I've never done glassing before so I've been reading on it for some time and watching vids. Im not using top notch materials because this is my first attempt and I know nothing goes right the first time. With that being said, I've done projects before but never a car-puter (or in this case a truck-puter).
So here is my question. I have a stock bezel that I need to cover with material and put resin on. My bezel is plastic. How do I get the glass cloth to adhere to the plastic stock bezel? Glue? Will a staple gun work? How do you guys normally do it?
Thanks for any help
if the plastic can be chemically welded, you can use a solvent and melt some scrap plastic, making a paste. Apply the first layer of cloth and use the paste to soak through the cloth and fuse with the plastic below. Once hardened, you can start in on the resin and further layers of fiberglass. I'm pretty sure most fabricators use some kind of putty for this, normally, but as for my own experience, the solvent paste would work, provided your plastic is the correct type.
Nexson and TurboCAD are very experienced with this stuff. Try to contact one of them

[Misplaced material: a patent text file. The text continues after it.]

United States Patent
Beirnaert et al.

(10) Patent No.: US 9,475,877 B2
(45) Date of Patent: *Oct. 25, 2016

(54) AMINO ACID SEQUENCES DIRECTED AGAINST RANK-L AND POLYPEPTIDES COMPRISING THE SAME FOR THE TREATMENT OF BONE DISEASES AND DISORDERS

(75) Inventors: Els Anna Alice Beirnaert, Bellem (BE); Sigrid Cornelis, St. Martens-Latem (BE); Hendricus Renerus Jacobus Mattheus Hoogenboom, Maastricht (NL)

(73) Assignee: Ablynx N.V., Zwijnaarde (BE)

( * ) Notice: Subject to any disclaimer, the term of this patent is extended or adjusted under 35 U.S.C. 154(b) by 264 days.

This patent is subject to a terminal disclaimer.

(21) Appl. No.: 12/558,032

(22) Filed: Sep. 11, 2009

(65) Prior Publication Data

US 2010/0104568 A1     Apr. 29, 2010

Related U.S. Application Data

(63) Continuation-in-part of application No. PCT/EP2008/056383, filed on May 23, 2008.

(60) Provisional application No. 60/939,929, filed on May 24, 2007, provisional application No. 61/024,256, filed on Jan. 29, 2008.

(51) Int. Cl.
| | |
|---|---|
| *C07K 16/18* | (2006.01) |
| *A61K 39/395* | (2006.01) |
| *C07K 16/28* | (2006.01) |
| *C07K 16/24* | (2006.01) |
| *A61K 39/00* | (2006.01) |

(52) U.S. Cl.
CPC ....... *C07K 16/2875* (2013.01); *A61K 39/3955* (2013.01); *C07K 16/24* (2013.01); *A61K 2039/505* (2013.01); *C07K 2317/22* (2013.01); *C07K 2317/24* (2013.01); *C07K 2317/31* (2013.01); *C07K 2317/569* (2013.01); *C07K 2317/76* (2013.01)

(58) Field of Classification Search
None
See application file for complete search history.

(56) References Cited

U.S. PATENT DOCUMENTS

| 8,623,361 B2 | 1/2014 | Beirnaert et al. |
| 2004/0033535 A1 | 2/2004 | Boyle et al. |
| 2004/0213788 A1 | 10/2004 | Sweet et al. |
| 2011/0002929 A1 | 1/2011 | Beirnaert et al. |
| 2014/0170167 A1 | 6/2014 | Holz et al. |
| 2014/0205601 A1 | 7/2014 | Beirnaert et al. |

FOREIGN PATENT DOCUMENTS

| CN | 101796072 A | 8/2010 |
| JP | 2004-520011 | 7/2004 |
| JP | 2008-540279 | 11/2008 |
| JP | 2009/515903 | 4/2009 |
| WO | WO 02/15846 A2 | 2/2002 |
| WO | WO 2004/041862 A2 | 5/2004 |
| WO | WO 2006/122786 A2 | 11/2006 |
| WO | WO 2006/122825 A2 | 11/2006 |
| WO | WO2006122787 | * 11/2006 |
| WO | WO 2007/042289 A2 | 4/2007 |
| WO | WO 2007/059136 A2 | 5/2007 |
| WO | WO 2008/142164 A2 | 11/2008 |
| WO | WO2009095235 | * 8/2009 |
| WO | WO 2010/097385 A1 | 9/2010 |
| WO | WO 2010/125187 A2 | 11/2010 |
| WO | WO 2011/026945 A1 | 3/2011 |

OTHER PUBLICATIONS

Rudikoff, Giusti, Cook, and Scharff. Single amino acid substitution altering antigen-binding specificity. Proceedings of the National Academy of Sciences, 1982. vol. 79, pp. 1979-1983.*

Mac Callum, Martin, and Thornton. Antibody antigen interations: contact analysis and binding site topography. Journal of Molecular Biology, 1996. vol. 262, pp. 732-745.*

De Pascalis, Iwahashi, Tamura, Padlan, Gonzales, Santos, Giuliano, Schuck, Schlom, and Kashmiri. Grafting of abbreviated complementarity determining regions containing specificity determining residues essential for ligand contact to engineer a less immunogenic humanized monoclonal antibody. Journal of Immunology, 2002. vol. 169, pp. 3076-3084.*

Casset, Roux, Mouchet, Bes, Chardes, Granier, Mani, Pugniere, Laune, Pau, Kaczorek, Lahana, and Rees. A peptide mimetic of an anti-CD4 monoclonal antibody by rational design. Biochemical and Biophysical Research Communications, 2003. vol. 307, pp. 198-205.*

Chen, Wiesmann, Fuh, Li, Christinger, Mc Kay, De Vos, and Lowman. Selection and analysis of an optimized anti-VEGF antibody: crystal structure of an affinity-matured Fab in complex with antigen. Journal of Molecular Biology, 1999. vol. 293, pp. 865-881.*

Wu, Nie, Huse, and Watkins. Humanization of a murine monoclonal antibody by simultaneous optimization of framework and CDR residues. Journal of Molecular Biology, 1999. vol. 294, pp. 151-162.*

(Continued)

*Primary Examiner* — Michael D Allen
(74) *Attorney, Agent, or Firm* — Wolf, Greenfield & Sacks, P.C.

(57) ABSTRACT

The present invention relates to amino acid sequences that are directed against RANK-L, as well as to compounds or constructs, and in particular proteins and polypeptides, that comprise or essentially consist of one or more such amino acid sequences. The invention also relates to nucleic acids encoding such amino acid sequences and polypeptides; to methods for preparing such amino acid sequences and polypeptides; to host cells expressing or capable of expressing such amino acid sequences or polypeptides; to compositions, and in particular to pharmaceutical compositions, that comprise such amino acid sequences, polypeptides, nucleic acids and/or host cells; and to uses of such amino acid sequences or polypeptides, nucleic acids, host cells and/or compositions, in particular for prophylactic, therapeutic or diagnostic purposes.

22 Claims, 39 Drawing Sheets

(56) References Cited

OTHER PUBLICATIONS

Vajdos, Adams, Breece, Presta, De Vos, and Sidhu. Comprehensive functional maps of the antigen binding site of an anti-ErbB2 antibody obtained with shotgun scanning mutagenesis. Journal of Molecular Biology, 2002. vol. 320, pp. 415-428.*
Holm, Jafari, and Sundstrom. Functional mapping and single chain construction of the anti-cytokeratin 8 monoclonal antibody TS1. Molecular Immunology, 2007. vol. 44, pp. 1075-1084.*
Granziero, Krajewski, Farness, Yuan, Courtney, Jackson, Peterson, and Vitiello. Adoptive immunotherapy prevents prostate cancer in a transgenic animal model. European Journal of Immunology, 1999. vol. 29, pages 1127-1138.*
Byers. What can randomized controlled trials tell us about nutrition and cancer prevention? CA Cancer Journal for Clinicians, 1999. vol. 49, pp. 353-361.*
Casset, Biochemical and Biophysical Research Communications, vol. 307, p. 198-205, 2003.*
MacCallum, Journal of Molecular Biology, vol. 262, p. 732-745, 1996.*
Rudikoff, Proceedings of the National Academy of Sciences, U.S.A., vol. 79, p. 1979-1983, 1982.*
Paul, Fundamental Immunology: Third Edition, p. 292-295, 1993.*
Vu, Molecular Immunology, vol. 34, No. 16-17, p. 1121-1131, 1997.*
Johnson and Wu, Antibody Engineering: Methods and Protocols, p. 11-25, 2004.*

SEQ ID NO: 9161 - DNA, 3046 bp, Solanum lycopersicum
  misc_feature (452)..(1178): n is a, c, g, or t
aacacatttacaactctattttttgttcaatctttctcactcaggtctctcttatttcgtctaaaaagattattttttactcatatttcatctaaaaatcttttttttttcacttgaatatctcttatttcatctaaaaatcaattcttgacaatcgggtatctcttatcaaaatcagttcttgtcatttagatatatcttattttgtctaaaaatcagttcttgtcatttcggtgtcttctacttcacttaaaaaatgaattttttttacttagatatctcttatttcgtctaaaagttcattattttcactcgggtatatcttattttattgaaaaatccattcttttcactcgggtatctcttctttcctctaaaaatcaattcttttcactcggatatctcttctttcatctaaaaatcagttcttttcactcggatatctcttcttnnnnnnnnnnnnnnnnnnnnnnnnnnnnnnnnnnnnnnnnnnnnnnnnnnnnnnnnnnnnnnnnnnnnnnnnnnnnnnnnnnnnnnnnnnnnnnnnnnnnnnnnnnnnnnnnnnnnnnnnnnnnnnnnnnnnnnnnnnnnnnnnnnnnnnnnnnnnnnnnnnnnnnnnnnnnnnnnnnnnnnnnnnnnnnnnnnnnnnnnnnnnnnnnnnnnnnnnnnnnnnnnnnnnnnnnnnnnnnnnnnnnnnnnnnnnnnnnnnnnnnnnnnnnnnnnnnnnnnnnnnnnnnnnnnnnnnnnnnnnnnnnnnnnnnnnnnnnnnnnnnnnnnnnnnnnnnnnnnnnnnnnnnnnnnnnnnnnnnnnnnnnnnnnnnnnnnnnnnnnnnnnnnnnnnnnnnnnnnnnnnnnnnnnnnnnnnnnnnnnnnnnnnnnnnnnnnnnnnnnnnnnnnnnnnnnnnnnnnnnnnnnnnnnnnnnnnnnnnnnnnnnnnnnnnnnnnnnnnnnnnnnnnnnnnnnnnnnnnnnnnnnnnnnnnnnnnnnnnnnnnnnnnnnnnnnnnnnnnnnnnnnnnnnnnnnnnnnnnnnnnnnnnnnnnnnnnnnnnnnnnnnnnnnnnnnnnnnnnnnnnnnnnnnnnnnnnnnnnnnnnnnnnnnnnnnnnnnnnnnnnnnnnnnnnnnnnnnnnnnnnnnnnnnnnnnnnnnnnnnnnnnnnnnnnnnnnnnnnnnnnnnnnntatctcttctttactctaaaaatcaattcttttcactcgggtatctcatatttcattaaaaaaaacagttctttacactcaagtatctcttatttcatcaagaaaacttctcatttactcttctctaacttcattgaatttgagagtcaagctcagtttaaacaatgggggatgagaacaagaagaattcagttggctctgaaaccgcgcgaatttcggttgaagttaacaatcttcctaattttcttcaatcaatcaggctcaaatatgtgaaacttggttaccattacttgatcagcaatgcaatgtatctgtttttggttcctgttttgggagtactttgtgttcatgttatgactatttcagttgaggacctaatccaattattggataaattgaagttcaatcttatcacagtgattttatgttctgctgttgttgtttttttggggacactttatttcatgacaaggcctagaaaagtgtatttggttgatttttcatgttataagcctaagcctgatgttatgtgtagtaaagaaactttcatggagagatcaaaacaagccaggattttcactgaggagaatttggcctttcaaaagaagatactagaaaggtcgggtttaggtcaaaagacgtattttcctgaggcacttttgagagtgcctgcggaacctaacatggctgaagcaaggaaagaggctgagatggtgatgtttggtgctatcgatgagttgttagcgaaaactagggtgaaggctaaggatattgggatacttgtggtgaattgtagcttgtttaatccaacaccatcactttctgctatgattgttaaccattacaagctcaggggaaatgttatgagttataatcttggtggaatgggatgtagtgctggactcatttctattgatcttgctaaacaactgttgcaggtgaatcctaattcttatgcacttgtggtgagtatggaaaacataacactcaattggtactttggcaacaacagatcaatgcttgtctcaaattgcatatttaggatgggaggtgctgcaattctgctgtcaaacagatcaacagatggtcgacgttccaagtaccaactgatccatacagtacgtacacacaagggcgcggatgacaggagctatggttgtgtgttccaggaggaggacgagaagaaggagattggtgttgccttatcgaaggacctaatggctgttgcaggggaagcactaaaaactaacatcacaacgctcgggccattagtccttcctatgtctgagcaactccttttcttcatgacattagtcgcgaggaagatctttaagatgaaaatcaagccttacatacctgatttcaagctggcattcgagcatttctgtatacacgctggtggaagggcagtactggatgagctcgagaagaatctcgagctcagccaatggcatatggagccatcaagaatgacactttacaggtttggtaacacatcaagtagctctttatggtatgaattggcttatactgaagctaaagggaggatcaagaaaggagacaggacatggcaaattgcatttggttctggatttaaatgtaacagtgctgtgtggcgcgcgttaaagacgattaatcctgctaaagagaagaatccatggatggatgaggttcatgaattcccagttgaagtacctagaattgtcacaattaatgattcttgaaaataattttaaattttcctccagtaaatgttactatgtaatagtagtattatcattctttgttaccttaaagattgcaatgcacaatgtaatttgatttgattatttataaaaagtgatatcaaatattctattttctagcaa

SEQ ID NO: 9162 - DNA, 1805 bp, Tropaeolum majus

You might not even need glass, post a picture of your project.
Brian @Nexations Creations
Specialist in Custom Interior Fiberglass OEM Replication Work.
Here are some pics. This is the OEM radio bezel. As you can see the original cutout is for a 1.5 DIN. The opening right below the radio opening is for the AC controls and the bottom opening is just a dash pocket.
So the AC controls need to be moved down to the lowest opening. Of course the opening is slightly different and the mounting holes do not line up but I think I have that figured out.
As you can see on the bezel, the entire thing is not one flat level. The top part dips down a good half inch. So I was thinking I would have to wrap it in cloth and use resin to make it one complete level surface.
The monitor is a 9" touch screen by Mimo. It is USB and I know whats not the best to use for a main monitor but I found out too late and will use it for now. I have several of these bezels so later on when funds allow, I can pick up a different monitor and do it again.
Please help out where you can.
I definitely recommend using the same or similar materials for a dash fab. Dissimilar materials have a tendency to expand and contract at different temperatures, and you will likely have some cracks show up down the road.
Chances are your dash bezel is PC-ABS, and the screen bezel is likely ABS, which means you can use ABS Cement (ABS resin in MEK) or ABS sludge (ABS shavings dissolved in MEK or Acetone)
I'd say fiberglass is best suited for freeforming complex curves for center consoles, sub boxes or entire dash pieces. When you modify an existing piece, it's always better to use the same type of material.
If you look in my worklog, you can see my dash panel. I have a little experience with the ABS cement, and making the bezel look factory.